If you love Halloween, don't be disappointed if your child's school doesn't celebrate it. In an effort to be all-inclusive, many schools have moved from the tradition of celebrating Halloween to hosting a fall festival. More than just noting a holiday, these festivals celebrate a season—and take advantage of the educational opportunities it brings.
Full of delicious smells and tastes, autumn is a wonderful time of year and one of the seasons most recognized by young children because of the changing colors of leaves. Autumn offers opportunities to learn across the curriculum, from understanding the science of how a pumpkin grows to counting the number of apples ripening in a tree. There are many ideas for fall festival games and activities you can use, whether you’re a parent organizing a school harvest festival or a teacher who wants to do something fun on or around October 31.
Fall Festival Decor
There are, of course, some obvious decorations for a fall festival—pumpkins, scarecrows, hay bales, corn stalks, and anything orange, red, and yellow. However, you could also give the festival an Oktoberfest theme (minus the beer gardens, of course). Decorate with the traditional Oktoberfest colors of blue and white or the colors of the German flag (black, red, and yellow).
Fall Festival Activities
The success of a fall festival rests on how much fun the students have with autumnal activities. Consider these ideas:
- Set up booths and stations where the kids can play fall harvest party games or carnival games for a school festival, and win prizes.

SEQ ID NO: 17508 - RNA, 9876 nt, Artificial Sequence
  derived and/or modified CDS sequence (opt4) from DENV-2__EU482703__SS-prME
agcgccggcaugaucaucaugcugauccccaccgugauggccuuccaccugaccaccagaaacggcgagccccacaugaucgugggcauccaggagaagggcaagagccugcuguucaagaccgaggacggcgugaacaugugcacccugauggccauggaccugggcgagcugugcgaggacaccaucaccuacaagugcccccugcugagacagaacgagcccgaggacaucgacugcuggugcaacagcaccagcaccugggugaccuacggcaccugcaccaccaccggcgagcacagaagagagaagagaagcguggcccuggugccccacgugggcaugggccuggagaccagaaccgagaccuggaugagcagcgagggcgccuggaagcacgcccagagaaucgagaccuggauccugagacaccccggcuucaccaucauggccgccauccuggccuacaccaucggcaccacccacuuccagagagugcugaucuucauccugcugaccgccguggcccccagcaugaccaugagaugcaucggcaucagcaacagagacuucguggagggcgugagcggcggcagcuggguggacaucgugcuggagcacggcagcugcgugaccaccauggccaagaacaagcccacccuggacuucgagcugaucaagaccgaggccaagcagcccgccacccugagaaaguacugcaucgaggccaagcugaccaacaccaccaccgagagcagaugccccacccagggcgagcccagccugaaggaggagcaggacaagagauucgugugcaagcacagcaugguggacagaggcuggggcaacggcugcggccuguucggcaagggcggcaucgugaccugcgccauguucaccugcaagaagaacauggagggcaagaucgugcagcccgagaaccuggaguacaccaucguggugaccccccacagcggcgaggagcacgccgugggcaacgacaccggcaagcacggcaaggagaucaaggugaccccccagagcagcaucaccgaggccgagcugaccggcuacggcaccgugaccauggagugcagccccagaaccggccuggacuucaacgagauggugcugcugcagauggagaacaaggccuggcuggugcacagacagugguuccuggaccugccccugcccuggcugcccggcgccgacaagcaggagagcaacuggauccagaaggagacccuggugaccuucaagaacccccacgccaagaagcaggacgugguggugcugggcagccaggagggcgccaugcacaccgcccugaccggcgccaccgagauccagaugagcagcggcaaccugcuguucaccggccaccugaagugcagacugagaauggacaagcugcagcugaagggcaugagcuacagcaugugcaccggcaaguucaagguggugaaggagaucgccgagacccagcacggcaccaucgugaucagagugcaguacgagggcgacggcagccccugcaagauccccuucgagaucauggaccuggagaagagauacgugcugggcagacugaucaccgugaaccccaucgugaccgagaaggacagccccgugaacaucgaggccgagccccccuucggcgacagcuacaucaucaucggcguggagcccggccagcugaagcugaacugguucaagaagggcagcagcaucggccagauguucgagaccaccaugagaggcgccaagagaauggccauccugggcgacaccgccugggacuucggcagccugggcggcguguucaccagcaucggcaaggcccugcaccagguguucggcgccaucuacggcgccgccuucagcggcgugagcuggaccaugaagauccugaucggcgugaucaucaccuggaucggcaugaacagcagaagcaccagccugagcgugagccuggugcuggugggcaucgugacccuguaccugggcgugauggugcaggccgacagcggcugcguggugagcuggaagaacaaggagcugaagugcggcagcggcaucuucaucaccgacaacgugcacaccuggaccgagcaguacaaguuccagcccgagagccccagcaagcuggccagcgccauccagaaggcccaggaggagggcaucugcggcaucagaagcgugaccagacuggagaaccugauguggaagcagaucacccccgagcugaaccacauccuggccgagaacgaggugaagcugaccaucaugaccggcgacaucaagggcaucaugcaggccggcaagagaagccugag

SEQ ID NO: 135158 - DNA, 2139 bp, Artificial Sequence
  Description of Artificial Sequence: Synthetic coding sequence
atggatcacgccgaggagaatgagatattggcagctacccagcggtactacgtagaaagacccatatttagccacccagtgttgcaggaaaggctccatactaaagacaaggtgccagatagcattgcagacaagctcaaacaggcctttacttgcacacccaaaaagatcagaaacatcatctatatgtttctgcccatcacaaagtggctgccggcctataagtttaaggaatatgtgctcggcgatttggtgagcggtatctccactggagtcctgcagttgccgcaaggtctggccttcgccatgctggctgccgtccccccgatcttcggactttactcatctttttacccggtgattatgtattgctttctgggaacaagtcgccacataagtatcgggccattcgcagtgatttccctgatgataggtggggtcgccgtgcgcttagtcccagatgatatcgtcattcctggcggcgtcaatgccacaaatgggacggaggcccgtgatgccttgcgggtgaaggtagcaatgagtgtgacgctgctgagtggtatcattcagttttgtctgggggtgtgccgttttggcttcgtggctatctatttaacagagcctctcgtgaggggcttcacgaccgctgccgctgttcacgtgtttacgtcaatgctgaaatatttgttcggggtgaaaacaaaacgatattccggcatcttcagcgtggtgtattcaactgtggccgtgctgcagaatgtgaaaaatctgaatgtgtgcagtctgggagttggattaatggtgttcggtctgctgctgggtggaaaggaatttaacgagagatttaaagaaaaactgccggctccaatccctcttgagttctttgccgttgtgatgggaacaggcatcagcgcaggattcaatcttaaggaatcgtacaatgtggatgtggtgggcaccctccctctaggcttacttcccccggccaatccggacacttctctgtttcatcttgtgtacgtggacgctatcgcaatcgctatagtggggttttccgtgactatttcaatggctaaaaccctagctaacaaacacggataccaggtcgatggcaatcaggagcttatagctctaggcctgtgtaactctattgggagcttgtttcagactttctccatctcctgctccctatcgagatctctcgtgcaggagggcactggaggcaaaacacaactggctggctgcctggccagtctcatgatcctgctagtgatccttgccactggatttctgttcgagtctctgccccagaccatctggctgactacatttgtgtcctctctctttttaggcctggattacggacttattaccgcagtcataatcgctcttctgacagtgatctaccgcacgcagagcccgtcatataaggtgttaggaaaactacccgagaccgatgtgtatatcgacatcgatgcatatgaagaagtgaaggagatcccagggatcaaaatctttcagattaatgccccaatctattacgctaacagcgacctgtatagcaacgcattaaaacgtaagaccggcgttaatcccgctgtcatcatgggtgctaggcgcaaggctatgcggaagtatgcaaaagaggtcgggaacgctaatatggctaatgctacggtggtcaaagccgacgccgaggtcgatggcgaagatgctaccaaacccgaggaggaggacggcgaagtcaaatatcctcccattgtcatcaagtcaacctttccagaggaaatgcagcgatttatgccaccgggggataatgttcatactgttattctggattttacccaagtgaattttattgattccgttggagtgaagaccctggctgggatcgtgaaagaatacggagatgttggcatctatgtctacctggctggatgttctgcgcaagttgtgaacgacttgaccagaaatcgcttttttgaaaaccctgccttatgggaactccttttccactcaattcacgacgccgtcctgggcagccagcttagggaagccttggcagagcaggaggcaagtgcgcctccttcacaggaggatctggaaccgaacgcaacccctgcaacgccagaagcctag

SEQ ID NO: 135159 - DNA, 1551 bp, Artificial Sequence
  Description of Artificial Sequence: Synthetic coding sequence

- Play pumpkin-themed games with students.
- Set up a hay bale maze, hold scarecrow-making contests, bob for apples, serve apple cider, host a pie-baking contest, offer face painting, organize a cakewalk, set up craft booths where kids can make fall crafts, and get everyone—including the parents and teachers—to compete in sack races.
- If your child’s school has a garden, offer tours of it during your fall festival.
- Host a wacky relay race. Set out grown-up clothes or an autumn-themed costume, such as a pumpkin or scarecrow, at the starting line. The first member of each relay team must put the clothes on over their regular outfit before running across a field, taking off the grown-up clothes, dressing up another team member in them, and then having that team member run back to the finish line (or repeat with another team member, depending on how many kids are participating).
If the fall festival is being held during the school day, you may want to incorporate educational opportunities as well.
- For counting practice, fill up a wooden bucket with apples. Ask students to estimate the number in the bucket and then count the apples to find out how close the class was.
- Bring a tall sunflower and have the students study its various parts. Hold a contest where the students guess how many sunflower seeds it contains, then give a prize to the student with the closest answer.
- Have teams of students estimate the number of seeds in a pumpkin, then cut the pumpkins open and let the kids count the seeds to find out how close they were.
- Explore fractions by cutting a seasonal fruit or vegetable into thirds, quarters, eighths, etc.
- Given all costumes an educational theme by making it all about books and reading. Allow the students to wear costumes, but require them to dress up as their favorite storybook characters or characters from your current book selection.
- Cut apples in half straight down the middle. Cut a groove on the rounded side of the apples so they’re easy to hold. Dip the flat side in ink or paint, then make apple prints on paper or fabric.